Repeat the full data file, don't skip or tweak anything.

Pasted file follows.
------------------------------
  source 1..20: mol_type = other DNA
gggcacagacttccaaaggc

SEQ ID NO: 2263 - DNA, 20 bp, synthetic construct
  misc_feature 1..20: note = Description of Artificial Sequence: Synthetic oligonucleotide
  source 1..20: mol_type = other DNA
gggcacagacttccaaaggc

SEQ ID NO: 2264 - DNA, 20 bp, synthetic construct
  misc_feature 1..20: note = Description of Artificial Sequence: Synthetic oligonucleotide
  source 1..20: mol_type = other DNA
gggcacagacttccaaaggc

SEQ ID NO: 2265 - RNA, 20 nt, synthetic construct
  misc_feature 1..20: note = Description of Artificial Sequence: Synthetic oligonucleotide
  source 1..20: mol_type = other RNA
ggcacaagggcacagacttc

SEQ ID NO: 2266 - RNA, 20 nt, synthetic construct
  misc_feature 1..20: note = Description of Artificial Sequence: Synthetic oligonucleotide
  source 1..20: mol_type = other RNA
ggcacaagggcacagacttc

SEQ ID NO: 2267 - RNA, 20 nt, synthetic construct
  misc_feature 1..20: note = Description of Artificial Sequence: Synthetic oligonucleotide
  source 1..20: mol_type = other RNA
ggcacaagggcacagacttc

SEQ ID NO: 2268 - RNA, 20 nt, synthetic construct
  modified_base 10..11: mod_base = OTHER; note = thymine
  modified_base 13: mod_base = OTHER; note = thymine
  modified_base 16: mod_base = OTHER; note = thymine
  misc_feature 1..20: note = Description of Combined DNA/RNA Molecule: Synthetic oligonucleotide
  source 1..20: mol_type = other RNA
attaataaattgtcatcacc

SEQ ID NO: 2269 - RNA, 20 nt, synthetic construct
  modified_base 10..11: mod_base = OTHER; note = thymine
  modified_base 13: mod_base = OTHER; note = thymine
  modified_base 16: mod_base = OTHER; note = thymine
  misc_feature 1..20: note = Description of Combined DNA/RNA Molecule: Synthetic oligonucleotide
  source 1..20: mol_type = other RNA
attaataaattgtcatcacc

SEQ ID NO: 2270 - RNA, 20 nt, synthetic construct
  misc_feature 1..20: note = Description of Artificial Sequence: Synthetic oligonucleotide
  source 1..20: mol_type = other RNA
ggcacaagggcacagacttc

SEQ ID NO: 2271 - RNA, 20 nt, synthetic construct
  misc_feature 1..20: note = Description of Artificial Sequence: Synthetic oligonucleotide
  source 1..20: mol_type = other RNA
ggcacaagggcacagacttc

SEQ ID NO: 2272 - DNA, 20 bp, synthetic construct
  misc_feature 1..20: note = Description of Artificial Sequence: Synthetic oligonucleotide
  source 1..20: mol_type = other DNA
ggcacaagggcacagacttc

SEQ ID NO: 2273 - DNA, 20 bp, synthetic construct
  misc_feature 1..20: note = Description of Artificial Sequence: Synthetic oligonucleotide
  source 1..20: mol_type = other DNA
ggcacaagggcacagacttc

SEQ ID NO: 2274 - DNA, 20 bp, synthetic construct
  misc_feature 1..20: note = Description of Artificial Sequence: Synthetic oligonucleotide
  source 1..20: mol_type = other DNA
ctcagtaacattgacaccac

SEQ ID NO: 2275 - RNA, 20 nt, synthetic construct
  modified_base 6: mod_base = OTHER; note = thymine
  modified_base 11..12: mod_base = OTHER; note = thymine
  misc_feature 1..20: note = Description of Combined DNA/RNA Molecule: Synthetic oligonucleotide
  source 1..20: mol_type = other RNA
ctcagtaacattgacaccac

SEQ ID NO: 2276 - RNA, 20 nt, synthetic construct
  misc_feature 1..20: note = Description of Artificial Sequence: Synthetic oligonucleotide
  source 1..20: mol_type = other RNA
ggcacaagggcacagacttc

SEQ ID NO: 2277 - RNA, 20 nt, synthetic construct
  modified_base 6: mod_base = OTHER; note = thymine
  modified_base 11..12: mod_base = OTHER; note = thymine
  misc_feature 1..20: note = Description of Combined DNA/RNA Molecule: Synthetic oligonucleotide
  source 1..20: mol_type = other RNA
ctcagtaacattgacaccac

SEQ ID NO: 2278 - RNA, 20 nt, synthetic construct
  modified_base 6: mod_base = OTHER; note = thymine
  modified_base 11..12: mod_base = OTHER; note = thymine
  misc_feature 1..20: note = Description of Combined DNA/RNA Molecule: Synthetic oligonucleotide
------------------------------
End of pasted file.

  source 1..20: mol_type = other DNA
gggcacagacttccaaaggc

SEQ ID NO: 2263 - DNA, 20 bp, synthetic construct
  misc_feature 1..20: note = Description of Artificial Sequence: Synthetic oligonucleotide
  source 1..20: mol_type = other DNA
gggcacagacttccaaaggc

SEQ ID NO: 2264 - DNA, 20 bp, synthetic construct
  misc_feature 1..20: note = Description of Artificial Sequence: Synthetic oligonucleotide
  source 1..20: mol_type = other DNA
gggcacagacttccaaaggc

SEQ ID NO: 2265 - RNA, 20 nt, synthetic construct
  misc_feature 1..20: note = Description of Artificial Sequence: Synthetic oligonucleotide
  source 1..20: mol_type = other RNA
ggcacaagggcacagacttc

SEQ ID NO: 2266 - RNA, 20 nt, synthetic construct
  misc_feature 1..20: note = Description of Artificial Sequence: Synthetic oligonucleotide
  source 1..20: mol_type = other RNA
ggcacaagggcacagacttc

SEQ ID NO: 2267 - RNA, 20 nt, synthetic construct
  misc_feature 1..20: note = Description of Artificial Sequence: Synthetic oligonucleotide
  source 1..20: mol_type = other RNA
ggcacaagggcacagacttc

SEQ ID NO: 2268 - RNA, 20 nt, synthetic construct
  modified_base 10..11: mod_base = OTHER; note = thymine
  modified_base 13: mod_base = OTHER; note = thymine
  modified_base 16: mod_base = OTHER; note = thymine
  misc_feature 1..20: note = Description of Combined DNA/RNA Molecule: Synthetic oligonucleotide
  source 1..20: mol_type = other RNA
attaataaattgtcatcacc

SEQ ID NO: 2269 - RNA, 20 nt, synthetic construct
  modified_base 10..11: mod_base = OTHER; note = thymine
  modified_base 13: mod_base = OTHER; note = thymine
  modified_base 16: mod_base = OTHER; note = thymine
  misc_feature 1..20: note = Description of Combined DNA/RNA Molecule: Synthetic oligonucleotide
  source 1..20: mol_type = other RNA
attaataaattgtcatcacc

SEQ ID NO: 2270 - RNA, 20 nt, synthetic construct
  misc_feature 1..20: note = Description of Artificial Sequence: Synthetic oligonucleotide
  source 1..20: mol_type = other RNA
ggcacaagggcacagacttc

SEQ ID NO: 2271 - RNA, 20 nt, synthetic construct
  misc_feature 1..20: note = Description of Artificial Sequence: Synthetic oligonucleotide
  source 1..20: mol_type = other RNA
ggcacaagggcacagacttc

SEQ ID NO: 2272 - DNA, 20 bp, synthetic construct
  misc_feature 1..20: note = Description of Artificial Sequence: Synthetic oligonucleotide
  source 1..20: mol_type = other DNA
ggcacaagggcacagacttc

SEQ ID NO: 2273 - DNA, 20 bp, synthetic construct
  misc_feature 1..20: note = Description of Artificial Sequence: Synthetic oligonucleotide
  source 1..20: mol_type = other DNA
ggcacaagggcacagacttc

SEQ ID NO: 2274 - DNA, 20 bp, synthetic construct
  misc_feature 1..20: note = Description of Artificial Sequence: Synthetic oligonucleotide
  source 1..20: mol_type = other DNA
ctcagtaacattgacaccac

SEQ ID NO: 2275 - RNA, 20 nt, synthetic construct
  modified_base 6: mod_base = OTHER; note = thymine
  modified_base 11..12: mod_base = OTHER; note = thymine
  misc_feature 1..20: note = Description of Combined DNA/RNA Molecule: Synthetic oligonucleotide
  source 1..20: mol_type = other RNA
ctcagtaacattgacaccac

SEQ ID NO: 2276 - RNA, 20 nt, synthetic construct
  misc_feature 1..20: note = Description of Artificial Sequence: Synthetic oligonucleotide
  source 1..20: mol_type = other RNA
ggcacaagggcacagacttc

SEQ ID NO: 2277 - RNA, 20 nt, synthetic construct
  modified_base 6: mod_base = OTHER; note = thymine
  modified_base 11..12: mod_base = OTHER; note = thymine
  misc_feature 1..20: note = Description of Combined DNA/RNA Molecule: Synthetic oligonucleotide
  source 1..20: mol_type = other RNA
ctcagtaacattgacaccac

SEQ ID NO: 2278 - RNA, 20 nt, synthetic construct
  modified_base 6: mod_base = OTHER; note = thymine
  modified_base 11..12: mod_base = OTHER; note = thymine
  misc_feature 1..20: note = Description of Combined DNA/RNA Molecule: Synthetic oligonucleotide